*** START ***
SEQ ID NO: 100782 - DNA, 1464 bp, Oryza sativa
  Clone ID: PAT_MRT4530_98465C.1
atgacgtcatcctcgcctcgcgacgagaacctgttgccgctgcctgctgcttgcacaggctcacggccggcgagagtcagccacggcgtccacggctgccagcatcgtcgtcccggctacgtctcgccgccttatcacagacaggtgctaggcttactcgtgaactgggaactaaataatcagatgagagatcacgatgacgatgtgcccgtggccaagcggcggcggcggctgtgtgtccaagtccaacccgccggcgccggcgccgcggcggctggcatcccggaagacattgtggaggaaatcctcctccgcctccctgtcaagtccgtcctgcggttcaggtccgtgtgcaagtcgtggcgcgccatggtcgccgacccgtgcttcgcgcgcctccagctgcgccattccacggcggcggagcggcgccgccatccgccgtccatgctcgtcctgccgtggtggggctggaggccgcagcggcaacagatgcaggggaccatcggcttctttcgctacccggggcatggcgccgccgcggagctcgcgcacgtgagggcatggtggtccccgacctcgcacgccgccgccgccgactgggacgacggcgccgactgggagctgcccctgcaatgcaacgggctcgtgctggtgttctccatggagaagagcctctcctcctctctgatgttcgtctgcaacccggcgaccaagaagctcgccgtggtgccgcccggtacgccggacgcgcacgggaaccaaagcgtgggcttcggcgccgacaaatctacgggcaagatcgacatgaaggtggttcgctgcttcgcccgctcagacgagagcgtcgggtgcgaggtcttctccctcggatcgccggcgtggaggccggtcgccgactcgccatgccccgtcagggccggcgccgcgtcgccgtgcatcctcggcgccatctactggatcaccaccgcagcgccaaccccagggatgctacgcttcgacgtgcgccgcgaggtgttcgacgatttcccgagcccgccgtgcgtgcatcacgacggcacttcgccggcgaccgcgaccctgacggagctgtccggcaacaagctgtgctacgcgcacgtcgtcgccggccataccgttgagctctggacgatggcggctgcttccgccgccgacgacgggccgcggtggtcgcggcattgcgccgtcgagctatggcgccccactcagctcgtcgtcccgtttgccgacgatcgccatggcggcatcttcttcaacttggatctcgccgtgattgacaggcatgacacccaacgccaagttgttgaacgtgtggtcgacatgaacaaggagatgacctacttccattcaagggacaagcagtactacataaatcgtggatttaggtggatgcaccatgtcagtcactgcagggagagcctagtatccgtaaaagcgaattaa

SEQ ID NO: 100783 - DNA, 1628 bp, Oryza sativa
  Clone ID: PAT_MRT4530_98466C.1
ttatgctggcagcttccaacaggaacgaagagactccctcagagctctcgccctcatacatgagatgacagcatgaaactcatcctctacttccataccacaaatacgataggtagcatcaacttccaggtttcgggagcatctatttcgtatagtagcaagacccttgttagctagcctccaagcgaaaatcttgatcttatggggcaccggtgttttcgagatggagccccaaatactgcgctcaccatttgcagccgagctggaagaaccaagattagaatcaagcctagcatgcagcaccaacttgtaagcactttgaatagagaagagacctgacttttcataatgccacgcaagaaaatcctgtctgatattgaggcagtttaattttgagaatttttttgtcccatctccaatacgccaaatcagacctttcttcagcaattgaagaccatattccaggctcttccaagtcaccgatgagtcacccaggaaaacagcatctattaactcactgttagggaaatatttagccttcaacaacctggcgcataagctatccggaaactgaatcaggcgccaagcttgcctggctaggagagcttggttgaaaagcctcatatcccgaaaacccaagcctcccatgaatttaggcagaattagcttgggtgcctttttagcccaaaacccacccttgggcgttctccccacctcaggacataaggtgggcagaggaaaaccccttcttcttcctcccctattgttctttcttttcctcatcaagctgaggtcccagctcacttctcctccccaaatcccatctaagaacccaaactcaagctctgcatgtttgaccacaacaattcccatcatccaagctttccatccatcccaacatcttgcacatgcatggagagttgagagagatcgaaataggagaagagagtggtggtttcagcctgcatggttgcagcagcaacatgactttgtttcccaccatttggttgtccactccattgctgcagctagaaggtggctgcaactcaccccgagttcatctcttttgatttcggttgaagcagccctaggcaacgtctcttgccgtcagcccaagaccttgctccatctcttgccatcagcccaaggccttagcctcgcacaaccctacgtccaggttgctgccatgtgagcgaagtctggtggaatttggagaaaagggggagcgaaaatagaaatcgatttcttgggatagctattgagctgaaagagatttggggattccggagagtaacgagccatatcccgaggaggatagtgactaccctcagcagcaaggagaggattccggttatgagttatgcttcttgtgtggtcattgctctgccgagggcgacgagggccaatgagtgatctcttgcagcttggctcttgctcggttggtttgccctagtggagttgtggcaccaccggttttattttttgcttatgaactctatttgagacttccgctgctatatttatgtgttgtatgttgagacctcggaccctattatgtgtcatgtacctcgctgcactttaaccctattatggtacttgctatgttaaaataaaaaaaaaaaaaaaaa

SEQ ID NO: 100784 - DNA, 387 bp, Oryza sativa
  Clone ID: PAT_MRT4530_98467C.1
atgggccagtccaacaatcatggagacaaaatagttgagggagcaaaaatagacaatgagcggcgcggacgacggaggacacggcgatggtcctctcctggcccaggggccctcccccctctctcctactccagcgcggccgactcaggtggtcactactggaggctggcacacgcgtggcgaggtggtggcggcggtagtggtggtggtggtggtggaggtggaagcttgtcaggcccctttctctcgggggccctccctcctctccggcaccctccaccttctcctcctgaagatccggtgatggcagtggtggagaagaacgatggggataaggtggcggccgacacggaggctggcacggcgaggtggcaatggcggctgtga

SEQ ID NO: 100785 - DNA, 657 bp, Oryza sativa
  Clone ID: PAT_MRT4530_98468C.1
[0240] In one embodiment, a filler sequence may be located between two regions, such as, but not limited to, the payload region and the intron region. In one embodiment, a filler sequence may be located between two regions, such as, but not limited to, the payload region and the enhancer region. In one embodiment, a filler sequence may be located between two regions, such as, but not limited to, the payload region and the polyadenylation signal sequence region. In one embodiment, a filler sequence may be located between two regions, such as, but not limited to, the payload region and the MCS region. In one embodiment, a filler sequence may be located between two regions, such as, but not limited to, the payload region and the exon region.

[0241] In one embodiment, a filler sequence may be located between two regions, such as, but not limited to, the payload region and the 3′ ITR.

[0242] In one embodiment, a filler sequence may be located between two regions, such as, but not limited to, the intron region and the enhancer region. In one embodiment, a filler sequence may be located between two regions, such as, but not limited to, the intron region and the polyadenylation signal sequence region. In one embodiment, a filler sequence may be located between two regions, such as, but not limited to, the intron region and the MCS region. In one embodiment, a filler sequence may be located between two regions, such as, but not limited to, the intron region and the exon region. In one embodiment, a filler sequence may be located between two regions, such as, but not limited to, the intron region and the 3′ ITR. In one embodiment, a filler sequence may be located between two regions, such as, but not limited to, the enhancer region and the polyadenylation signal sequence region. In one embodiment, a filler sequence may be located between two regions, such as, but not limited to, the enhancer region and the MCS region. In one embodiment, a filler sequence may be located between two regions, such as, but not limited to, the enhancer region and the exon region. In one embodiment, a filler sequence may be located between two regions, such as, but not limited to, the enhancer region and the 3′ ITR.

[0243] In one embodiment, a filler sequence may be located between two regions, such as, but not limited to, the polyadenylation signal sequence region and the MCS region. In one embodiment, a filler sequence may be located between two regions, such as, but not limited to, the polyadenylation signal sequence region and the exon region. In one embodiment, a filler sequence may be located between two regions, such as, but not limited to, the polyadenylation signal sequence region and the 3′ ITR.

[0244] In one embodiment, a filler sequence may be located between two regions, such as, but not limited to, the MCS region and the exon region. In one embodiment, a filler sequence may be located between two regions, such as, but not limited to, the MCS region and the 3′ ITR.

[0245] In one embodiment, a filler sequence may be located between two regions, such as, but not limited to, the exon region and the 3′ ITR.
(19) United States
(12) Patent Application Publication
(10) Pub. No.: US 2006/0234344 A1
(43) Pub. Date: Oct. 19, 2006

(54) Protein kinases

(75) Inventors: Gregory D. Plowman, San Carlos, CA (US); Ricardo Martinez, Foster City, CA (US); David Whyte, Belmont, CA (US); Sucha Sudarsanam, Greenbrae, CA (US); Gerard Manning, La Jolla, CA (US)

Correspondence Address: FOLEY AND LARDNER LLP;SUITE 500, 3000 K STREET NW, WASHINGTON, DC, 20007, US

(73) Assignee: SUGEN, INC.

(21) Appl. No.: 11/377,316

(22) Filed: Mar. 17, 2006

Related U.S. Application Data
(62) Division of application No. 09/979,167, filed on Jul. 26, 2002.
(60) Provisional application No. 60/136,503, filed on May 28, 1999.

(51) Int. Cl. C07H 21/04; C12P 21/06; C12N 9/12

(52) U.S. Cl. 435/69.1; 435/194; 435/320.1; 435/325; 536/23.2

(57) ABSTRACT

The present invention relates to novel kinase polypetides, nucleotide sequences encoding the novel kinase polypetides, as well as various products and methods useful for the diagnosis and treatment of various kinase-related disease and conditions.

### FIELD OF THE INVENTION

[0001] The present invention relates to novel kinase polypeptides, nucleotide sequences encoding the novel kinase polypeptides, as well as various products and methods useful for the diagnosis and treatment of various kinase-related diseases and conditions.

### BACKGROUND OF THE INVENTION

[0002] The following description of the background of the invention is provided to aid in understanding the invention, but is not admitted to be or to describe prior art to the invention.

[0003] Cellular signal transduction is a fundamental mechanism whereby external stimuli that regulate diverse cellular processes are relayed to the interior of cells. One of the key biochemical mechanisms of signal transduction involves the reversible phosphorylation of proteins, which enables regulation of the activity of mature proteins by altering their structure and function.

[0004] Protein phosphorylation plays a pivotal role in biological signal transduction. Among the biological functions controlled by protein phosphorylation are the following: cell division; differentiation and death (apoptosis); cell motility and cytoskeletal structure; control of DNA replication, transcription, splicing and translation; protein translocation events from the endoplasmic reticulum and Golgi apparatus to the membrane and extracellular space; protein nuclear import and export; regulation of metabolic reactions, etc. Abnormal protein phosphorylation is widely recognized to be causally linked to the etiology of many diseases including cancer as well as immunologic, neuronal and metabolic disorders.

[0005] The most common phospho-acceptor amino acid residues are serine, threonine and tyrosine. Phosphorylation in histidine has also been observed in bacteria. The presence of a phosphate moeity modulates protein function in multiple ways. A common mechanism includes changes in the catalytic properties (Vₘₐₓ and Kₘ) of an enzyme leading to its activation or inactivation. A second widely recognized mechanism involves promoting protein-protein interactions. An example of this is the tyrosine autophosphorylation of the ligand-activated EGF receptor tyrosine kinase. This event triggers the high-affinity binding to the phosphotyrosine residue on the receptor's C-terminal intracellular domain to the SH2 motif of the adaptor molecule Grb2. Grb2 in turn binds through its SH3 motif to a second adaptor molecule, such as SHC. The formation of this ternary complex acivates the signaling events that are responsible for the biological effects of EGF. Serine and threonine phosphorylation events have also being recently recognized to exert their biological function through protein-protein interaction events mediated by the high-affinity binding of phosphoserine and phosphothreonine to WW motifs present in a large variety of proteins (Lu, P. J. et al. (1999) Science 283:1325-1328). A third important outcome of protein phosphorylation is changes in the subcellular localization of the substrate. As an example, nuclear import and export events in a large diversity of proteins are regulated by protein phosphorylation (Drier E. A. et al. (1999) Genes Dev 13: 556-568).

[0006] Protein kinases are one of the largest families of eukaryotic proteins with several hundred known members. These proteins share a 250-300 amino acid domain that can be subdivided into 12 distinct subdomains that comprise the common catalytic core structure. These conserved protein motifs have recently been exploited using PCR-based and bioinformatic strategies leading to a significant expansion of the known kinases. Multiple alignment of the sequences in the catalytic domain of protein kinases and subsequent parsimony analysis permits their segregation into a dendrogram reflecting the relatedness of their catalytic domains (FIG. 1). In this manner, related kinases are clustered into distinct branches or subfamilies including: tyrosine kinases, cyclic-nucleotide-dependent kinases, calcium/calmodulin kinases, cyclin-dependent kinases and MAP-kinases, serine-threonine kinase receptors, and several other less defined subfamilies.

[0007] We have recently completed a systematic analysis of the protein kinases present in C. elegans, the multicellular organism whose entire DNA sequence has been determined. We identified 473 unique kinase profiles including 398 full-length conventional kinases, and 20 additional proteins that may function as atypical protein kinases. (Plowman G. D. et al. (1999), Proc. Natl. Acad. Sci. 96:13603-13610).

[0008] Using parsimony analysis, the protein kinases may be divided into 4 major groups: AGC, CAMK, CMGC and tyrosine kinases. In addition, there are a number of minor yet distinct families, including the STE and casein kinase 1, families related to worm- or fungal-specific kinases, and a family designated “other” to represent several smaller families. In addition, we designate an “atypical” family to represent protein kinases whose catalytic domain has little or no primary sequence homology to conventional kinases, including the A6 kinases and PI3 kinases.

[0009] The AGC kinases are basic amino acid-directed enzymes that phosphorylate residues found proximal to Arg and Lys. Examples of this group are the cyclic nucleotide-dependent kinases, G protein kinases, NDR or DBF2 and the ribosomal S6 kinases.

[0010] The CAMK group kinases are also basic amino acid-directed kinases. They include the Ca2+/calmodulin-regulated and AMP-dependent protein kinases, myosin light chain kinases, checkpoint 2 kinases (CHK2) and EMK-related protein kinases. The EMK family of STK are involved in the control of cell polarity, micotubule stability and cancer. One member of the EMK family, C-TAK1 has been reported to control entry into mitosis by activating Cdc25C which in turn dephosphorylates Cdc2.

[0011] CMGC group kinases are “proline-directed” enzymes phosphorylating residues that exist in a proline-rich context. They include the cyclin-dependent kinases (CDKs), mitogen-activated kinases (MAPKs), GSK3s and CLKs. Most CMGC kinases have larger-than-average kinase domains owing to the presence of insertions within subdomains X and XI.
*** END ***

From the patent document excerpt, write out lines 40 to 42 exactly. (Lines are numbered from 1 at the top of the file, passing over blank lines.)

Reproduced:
[0004] Protein phosphorylation plays a pivotal role in biological signal transduction. Among the biological functions controlled by protein phosphorylation are the following: cell division; differentiation and death (apoptosis); cell motility and cytoskeletal structure; control of DNA replication, transcription, splicing and translation; protein translocation events from the endoplasmic reticulum and Golgi apparatus to the membrane and extracellular space; protein nuclear import and export; regulation of metabolic reactions, etc. Abnormal protein phosphorylation is widely recognized to be causally linked to the etiology of many diseases including cancer as well as immunologic, neuronal and metabolic disorders.

[0005] The most common phospho-acceptor amino acid residues are serine, threonine and tyrosine. Phosphorylation in histidine has also been observed in bacteria. The presence of a phosphate moeity modulates protein function in multiple ways. A common mechanism includes changes in the catalytic properties (Vₘₐₓ and Kₘ) of an enzyme leading to its activation or inactivation. A second widely recognized mechanism involves promoting protein-protein interactions. An example of this is the tyrosine autophosphorylation of the ligand-activated EGF receptor tyrosine kinase. This event triggers the high-affinity binding to the phosphotyrosine residue on the receptor's C-terminal intracellular domain to the SH2 motif of the adaptor molecule Grb2. Grb2 in turn binds through its SH3 motif to a second adaptor molecule, such as SHC. The formation of this ternary complex acivates the signaling events that are responsible for the biological effects of EGF. Serine and threonine phosphorylation events have also being recently recognized to exert their biological function through protein-protein interaction events mediated by the high-affinity binding of phosphoserine and phosphothreonine to WW motifs present in a large variety of proteins (Lu, P. J. et al. (1999) Science 283:1325-1328). A third important outcome of protein phosphorylation is changes in the subcellular localization of the substrate. As an example, nuclear import and export events in a large diversity of proteins are regulated by protein phosphorylation (Drier E. A. et al. (1999) Genes Dev 13: 556-568).

[0006] Protein kinases are one of the largest families of eukaryotic proteins with several hundred known members. These proteins share a 250-300 amino acid domain that can be subdivided into 12 distinct subdomains that comprise the common catalytic core structure. These conserved protein motifs have recently been exploited using PCR-based and bioinformatic strategies leading to a significant expansion of the known kinases. Multiple alignment of the sequences in the catalytic domain of protein kinases and subsequent parsimony analysis permits their segregation into a dendrogram reflecting the relatedness of their catalytic domains (FIG. 1). In this manner, related kinases are clustered into distinct branches or subfamilies including: tyrosine kinases, cyclic-nucleotide-dependent kinases, calcium/calmodulin kinases, cyclin-dependent kinases and MAP-kinases, serine-threonine kinase receptors, and several other less defined subfamilies.